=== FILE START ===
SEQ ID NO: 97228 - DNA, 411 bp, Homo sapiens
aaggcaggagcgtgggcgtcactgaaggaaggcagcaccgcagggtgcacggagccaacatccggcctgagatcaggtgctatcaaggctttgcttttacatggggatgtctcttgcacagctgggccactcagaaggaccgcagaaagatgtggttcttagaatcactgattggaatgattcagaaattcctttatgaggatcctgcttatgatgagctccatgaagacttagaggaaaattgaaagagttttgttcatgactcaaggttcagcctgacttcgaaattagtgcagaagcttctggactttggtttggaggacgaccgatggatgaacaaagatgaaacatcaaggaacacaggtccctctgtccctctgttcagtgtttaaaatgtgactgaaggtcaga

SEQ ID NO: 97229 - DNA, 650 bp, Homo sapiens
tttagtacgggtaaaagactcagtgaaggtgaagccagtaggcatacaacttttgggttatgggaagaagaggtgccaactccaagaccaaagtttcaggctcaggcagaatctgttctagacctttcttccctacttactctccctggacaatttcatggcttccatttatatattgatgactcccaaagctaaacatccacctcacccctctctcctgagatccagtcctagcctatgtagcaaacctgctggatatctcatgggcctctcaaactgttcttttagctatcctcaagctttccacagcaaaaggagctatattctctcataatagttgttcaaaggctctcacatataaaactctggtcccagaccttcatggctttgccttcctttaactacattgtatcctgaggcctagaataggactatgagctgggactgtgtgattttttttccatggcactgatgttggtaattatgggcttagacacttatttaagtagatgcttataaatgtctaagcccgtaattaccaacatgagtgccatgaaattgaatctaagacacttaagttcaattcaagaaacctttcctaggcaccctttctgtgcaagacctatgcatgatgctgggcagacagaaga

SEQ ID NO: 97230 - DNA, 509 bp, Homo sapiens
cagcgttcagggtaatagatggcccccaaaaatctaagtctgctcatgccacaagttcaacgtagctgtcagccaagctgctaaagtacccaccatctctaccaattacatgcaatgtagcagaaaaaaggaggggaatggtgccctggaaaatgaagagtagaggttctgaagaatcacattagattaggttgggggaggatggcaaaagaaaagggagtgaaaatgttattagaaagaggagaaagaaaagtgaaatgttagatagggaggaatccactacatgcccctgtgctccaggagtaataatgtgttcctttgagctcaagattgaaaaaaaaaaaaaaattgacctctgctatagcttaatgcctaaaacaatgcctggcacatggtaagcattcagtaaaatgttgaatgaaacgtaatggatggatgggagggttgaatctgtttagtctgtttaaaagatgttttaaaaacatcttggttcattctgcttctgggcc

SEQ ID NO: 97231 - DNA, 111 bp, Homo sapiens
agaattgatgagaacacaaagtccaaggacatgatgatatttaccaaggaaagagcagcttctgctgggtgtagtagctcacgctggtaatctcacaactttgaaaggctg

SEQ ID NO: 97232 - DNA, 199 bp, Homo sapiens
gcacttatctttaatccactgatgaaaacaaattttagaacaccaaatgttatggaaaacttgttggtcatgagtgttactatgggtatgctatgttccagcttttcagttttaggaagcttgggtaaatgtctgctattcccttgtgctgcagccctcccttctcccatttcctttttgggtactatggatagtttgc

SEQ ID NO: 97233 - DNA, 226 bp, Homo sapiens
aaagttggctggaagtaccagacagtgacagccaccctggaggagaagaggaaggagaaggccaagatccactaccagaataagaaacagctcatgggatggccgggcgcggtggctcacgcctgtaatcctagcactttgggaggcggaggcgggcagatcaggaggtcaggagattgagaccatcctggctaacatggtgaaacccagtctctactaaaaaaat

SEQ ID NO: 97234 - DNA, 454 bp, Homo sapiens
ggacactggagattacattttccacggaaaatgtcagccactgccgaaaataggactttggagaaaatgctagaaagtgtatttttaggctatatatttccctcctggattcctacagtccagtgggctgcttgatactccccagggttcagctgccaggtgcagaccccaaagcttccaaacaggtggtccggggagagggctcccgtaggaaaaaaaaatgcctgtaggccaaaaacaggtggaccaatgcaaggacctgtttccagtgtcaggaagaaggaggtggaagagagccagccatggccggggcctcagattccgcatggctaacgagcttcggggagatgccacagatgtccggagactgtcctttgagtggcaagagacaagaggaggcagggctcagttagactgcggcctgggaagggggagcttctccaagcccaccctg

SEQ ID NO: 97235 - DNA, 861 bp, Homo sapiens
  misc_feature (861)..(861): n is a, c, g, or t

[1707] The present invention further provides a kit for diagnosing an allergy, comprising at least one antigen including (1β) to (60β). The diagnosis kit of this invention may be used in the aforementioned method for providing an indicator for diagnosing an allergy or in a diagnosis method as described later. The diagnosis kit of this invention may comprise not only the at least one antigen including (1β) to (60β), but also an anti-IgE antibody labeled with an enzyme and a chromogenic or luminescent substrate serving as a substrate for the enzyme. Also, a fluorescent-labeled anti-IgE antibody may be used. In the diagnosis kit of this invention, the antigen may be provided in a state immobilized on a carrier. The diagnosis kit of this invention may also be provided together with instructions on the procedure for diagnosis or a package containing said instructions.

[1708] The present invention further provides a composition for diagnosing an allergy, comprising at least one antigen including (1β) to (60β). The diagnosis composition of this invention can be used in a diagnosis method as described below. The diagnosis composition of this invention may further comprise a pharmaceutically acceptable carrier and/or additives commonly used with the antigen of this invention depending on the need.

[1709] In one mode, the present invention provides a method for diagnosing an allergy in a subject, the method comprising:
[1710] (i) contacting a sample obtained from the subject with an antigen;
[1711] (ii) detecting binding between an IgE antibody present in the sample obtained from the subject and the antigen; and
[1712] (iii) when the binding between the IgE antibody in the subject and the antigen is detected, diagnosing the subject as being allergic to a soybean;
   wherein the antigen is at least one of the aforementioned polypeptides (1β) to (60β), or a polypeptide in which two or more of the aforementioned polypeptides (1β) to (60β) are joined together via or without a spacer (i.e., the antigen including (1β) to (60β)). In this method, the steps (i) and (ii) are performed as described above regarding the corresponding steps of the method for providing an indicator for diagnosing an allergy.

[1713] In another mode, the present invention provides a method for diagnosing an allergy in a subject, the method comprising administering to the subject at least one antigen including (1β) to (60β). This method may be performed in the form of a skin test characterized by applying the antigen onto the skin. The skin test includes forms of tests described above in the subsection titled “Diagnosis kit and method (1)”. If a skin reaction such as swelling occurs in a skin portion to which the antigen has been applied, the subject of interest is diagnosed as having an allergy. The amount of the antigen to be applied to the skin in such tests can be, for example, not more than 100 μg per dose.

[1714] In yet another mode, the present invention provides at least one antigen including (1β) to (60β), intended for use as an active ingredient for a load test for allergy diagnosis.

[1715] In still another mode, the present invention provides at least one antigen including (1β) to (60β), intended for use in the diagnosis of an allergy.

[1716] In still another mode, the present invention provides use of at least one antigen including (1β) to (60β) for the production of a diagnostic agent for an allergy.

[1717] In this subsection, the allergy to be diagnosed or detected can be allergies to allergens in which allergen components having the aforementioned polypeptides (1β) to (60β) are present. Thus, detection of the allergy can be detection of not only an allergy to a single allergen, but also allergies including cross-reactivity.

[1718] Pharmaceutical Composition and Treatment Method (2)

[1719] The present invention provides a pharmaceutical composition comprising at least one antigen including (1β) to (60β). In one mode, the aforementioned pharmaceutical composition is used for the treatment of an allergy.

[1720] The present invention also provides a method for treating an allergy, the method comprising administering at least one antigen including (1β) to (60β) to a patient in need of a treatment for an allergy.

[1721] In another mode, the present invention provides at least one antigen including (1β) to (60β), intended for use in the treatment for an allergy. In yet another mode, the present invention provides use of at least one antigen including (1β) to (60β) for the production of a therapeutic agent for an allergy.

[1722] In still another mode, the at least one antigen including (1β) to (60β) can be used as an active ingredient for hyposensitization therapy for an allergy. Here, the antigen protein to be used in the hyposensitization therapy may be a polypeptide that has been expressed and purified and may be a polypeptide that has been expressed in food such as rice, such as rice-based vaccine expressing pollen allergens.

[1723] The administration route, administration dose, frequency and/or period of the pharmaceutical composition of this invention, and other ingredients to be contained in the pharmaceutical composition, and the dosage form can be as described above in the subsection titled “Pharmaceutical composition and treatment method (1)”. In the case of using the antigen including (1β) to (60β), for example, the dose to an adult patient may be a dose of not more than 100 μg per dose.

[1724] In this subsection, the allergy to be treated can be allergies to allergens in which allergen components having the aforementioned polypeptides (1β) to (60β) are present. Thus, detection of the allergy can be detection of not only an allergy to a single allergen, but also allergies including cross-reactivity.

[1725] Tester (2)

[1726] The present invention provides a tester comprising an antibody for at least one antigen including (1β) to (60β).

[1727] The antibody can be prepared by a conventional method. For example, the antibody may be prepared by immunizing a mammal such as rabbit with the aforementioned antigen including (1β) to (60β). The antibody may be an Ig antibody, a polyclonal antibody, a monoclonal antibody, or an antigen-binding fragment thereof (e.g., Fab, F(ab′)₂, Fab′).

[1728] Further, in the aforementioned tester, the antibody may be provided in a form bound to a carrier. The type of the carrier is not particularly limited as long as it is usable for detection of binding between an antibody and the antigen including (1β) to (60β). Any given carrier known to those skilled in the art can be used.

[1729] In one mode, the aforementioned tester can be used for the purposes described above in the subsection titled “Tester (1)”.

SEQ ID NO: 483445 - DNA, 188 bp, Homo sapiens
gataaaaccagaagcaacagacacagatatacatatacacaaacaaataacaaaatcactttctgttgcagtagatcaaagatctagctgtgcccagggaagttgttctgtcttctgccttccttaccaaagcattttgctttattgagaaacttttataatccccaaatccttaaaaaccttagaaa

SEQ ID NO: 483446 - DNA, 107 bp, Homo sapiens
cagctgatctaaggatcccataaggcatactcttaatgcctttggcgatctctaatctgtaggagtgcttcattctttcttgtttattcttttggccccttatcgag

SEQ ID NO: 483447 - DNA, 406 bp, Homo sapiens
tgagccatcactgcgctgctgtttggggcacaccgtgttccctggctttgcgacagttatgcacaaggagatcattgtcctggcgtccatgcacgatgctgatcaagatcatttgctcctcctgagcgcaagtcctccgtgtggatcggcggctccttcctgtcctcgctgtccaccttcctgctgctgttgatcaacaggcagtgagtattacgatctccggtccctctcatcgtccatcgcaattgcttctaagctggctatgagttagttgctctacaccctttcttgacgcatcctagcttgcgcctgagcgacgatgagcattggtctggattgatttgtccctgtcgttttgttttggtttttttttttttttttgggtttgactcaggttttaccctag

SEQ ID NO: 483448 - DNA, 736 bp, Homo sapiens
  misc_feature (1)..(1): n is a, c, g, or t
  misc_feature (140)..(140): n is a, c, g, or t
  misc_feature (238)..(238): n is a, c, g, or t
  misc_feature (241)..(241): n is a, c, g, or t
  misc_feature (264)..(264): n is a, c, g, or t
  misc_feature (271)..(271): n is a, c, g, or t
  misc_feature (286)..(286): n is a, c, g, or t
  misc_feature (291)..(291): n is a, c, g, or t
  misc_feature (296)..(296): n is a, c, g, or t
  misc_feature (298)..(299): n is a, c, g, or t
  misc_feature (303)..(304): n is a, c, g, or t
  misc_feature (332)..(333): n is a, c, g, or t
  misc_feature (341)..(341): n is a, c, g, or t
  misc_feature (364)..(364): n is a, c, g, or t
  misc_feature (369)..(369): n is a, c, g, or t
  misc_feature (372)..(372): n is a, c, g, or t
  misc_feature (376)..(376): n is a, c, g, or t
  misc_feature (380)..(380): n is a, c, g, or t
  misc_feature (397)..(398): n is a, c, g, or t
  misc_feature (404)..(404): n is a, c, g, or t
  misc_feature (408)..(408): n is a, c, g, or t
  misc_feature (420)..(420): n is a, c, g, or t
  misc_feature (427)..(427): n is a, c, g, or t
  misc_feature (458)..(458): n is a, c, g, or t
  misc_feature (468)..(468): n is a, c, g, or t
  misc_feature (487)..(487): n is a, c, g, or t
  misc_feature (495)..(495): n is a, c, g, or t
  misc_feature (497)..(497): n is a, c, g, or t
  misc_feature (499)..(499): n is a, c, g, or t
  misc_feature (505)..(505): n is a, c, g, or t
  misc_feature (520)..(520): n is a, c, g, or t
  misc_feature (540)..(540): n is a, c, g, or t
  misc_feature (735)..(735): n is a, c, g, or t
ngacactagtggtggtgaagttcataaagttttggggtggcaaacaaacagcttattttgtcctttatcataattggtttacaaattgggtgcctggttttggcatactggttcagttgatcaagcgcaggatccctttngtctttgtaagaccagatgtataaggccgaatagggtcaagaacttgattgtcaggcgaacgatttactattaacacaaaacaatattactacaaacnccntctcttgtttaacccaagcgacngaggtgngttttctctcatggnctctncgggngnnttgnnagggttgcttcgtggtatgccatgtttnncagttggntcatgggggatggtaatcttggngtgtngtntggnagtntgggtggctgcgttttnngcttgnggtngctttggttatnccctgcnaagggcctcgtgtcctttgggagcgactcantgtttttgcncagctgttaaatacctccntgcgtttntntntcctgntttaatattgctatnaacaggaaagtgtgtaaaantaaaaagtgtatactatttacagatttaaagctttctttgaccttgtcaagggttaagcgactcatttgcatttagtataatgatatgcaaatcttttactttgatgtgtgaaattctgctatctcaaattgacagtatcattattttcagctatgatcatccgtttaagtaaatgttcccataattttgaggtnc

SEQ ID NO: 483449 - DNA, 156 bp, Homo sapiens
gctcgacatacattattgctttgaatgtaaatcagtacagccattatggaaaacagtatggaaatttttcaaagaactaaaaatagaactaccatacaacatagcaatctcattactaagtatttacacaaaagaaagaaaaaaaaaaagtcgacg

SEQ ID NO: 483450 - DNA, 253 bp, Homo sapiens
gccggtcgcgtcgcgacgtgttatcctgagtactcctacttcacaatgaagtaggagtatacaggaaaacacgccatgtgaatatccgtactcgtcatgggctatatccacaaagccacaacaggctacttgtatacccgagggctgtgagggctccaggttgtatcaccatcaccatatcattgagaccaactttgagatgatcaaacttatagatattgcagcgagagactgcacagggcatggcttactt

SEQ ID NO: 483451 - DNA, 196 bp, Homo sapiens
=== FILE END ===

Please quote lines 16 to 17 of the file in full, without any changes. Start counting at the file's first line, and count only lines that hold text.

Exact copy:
  misc_feature (861)..(861): n is a, c, g, or t

[1707] The present invention further provides a kit for diagnosing an allergy, comprising at least one antigen including (1β) to (60β). The diagnosis kit of this invention may be used in the aforementioned method for providing an indicator for diagnosing an allergy or in a diagnosis method as described later. The diagnosis kit of this invention may comprise not only the at least one antigen including (1β) to (60β), but also an anti-IgE antibody labeled with an enzyme and a chromogenic or luminescent substrate serving as a substrate for the enzyme. Also, a fluorescent-labeled anti-IgE antibody may be used. In the diagnosis kit of this invention, the antigen may be provided in a state immobilized on a carrier. The diagnosis kit of this invention may also be provided together with instructions on the procedure for diagnosis or a package containing said instructions.